National Industrial Overview
- The health crisis had a major impact on industrial tenants. The requirement to social distance led to a surge in e-commerce sales, necessitating expanded operations for greater direct-to-consumer deliveries. Intermittent closures of production facilities and ports has also fostered extreme backlogs in the global supply chain. Long lines of cargo vessels waiting to be unloaded has put pressure on major ports to expand, as well as distributors and retailers to augment their warehousing space. Some shipping has been diverted to smaller ports, boosting space demand.
- The surge in demand is producing historically strong property performance metrics. A record 520 million square feet was absorbed on a net basis in 2021, as vacancy fell to a multidecade low. A robust appetite for space will push vacancy even lower this year, despite the largest construction pipeline since at least 2000. Approximately 420 million square feet of industrial space will be delivered this year, with developers focusing on larger properties. Buildings under 100,000 square feet in size comprise only a small amount of arriving space. The difficulty in developing smaller facilities closer to population centers, paired with the avid demand for such projects, will continue to apply upward pressure on rents.
Industrial Investment Outlook
- Investors have taken note of the sector’s benchmark-setting performance fundamentals, leading to an all-time high number of industrial assets changing hands last year. Institutional buyers with experience in other commercial properties are now entering the industrial landscape, as part of diversification strategies.
- The considerable demand for properties has driven the average sale price in the United States up by over 35 percent since 2019 to $133 per square foot entering this year. As prices climbed, cap rates have compressed. The mean yield across the country was in the mid-6 percent range as 2021 came to a close, with top-tier assets in the most sought-after locations changing hands with initial returns under 4 percent.
- Ongoing, elevated inflation is applying upward pressure to interest rates. The rising costs of capital are narrowing transaction margins, which may prompt owner-users to make new arrangements. More companies may opt to enter into a sale-leaseback now, locking in a long-term lease at more favorable terms than where lending rates are currently trending.
Modern Consumption Trends Underpin Industrial Facilities as an Increasingly Essential Property Type
- Pandemic-accelerated distribution and warehouse needs still growing. The health crisis had a major impact on industrial tenants. The requirement to social distance led to a surge in e-commerce sales relative to in-store shopping, necessitating expanded operations for greater direct-to-consumer deliveries. Demand increased for both large distribution centers that could serve whole regions, as well as smaller infill locations closer to where consumers live to facilitate rapid delivery.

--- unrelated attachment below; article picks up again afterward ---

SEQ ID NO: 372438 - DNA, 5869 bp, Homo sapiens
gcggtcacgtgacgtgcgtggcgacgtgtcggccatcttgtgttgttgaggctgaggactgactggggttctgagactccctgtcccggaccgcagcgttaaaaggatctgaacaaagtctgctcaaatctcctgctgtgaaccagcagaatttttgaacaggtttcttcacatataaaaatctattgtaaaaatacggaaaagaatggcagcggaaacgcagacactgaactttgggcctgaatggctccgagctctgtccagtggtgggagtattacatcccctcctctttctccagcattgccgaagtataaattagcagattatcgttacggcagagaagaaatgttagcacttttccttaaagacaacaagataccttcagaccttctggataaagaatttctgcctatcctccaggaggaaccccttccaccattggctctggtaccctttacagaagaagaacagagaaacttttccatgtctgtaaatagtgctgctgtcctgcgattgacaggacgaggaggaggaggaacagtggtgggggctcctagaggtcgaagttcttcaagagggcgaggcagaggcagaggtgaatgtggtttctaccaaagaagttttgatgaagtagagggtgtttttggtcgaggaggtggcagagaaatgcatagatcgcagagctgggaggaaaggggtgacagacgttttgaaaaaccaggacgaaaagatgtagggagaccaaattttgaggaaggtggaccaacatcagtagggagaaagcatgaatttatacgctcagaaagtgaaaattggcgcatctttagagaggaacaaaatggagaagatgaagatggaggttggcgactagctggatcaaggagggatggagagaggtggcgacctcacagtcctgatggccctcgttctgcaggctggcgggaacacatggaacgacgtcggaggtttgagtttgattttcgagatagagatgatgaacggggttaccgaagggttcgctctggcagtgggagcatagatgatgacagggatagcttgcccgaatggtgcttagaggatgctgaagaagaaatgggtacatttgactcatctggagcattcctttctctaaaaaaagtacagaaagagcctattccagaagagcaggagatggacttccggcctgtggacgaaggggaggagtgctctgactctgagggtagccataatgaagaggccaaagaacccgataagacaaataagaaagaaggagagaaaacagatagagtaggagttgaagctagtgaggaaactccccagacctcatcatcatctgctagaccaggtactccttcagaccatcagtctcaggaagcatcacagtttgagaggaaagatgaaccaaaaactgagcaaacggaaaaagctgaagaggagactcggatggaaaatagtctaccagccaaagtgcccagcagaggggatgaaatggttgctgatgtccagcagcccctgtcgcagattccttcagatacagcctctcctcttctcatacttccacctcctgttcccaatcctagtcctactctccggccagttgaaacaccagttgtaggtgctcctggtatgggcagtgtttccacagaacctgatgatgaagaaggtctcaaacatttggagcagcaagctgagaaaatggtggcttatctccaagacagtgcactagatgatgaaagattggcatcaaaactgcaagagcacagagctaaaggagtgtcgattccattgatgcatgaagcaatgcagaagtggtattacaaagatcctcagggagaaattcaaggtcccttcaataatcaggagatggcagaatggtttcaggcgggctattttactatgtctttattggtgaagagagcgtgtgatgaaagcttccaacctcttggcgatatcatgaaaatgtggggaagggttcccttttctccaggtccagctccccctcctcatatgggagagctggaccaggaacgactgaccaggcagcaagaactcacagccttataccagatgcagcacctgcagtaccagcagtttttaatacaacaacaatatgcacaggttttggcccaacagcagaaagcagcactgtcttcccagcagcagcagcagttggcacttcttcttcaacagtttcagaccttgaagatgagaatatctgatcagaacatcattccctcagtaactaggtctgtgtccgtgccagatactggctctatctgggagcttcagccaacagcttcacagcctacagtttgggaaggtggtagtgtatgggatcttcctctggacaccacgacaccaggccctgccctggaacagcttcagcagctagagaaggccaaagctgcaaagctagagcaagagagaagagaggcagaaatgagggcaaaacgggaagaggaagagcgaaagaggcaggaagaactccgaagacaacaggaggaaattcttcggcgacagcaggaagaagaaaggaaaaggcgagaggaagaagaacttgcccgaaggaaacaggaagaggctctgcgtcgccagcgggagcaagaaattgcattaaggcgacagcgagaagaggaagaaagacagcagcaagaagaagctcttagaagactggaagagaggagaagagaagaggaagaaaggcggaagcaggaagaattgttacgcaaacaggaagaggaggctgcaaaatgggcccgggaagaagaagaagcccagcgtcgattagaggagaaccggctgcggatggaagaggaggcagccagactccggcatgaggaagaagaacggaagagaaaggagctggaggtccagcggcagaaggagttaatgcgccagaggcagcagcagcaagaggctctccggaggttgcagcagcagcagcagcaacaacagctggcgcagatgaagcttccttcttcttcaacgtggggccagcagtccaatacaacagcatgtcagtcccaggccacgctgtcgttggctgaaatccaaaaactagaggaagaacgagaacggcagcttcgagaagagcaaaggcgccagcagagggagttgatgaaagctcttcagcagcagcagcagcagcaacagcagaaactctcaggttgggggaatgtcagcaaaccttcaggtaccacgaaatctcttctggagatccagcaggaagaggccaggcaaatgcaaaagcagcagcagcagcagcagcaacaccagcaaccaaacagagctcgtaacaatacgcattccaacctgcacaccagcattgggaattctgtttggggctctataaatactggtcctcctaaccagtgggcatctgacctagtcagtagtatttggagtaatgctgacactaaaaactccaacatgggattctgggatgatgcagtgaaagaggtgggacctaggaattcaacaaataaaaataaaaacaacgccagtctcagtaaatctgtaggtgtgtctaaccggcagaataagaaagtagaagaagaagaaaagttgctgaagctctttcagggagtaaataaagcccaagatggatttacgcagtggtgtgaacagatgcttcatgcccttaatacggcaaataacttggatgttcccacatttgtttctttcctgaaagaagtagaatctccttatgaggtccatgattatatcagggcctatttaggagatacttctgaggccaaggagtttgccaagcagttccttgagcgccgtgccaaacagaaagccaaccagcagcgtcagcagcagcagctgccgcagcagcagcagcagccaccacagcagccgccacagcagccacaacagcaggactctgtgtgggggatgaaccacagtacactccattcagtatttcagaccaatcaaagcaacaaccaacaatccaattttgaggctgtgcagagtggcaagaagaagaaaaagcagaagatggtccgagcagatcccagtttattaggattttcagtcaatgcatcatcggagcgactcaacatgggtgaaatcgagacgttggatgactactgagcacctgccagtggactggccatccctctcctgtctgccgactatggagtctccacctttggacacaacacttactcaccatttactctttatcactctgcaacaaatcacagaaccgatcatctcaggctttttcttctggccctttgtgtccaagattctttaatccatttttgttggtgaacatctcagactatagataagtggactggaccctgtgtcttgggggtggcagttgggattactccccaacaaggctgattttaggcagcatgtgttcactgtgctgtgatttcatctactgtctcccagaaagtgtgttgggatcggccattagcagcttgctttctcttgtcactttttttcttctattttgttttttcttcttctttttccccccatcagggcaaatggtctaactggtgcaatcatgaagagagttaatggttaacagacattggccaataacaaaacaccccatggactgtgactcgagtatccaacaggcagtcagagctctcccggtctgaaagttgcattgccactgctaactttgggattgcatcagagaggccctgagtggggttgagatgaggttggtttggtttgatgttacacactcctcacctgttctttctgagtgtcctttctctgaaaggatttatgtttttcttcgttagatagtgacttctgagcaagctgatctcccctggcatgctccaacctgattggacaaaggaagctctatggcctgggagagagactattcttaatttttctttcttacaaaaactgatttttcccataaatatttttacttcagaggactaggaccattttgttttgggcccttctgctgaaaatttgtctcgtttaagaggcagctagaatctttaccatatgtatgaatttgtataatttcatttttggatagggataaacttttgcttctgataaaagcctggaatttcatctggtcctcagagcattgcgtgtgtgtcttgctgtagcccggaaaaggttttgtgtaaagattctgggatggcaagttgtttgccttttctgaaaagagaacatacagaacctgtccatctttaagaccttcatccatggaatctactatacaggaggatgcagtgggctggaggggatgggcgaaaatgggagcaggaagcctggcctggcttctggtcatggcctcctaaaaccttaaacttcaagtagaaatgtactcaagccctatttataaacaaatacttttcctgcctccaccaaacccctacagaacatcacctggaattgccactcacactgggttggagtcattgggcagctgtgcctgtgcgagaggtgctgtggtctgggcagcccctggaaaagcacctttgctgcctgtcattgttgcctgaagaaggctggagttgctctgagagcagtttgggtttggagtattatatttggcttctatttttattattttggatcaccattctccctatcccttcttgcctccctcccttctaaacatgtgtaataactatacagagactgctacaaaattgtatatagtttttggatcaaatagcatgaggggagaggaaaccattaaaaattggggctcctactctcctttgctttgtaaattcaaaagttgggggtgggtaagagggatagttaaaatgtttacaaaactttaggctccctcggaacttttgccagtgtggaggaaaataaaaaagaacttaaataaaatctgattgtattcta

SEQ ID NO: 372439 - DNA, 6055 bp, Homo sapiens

- Record development not able to exceed hearty tenant demand. The shift in industrial space needs, propagated by COVID-19, has had a profound impact on property fundamentals. A record 520 million square feet was absorbed on a net basis in 2021, fostering an equally noteworthy level of rent growth as vacancy fell to a multidecade low. A robust appetite for space will push vacancy even lower this year, despite the largest construction pipeline since at least 2000.
2022 National Industrial Outlook
- Mismatch between production and transport capacity continues. Production output, at least within the United States, has returned to levels recorded before the health crisis; the amount of tonnage being transported by truck, however, continues to lag. A shortage of drivers is constraining the ability to transport goods across the country. If this dynamic persists, it may solidify businesses’ plans to shore up inventories.
- Airports gain even more logistical prominence. An expectation of rapid delivery, established pre-pandemic, has collided with prodigious backlogs at major cargo terminals. In order to transport some goods more quickly, companies have turned to airfreight. The volume of cargo transported by air has increased throughout the health crisis, underscoring demand for distribution and warehouse space at inland airport hubs.
- Advanced manufacturing driving new space needs. The recent supply chain disruptions may prompt more firms to bring their production processes closer to home in the years to come. Advanced manufacturing is already making a prominent return to the U.S. in the form of new semiconductor plants situated across the country, as well as electric vehicle production. The numerous support businesses will fill space nearby.
Sources: Marcus & Millichap Research Services; American Council of Life Insurers; Blue Chip Economic Indicators; Bureau of Economic Analysis; Commercial Mortgage Alert; CoStar Group, Inc.; Irving Levin Associates; Moody’s Analytics; Federal Reserve; Foresight Analytics; Mortgage Bankers Association; Real Capital Analytics; RealNet; Standard & Poor’s; PNC Healthcare; The Conference Board; Trepp; TWR/Dodge Pipeline; U.S. Bureau of Labor Statistics; U.S. Census Bureau; U.S. Department of Health and Human Services; USGS; U.S. Securities and Exchange Commission; U.S. Treasury Department.
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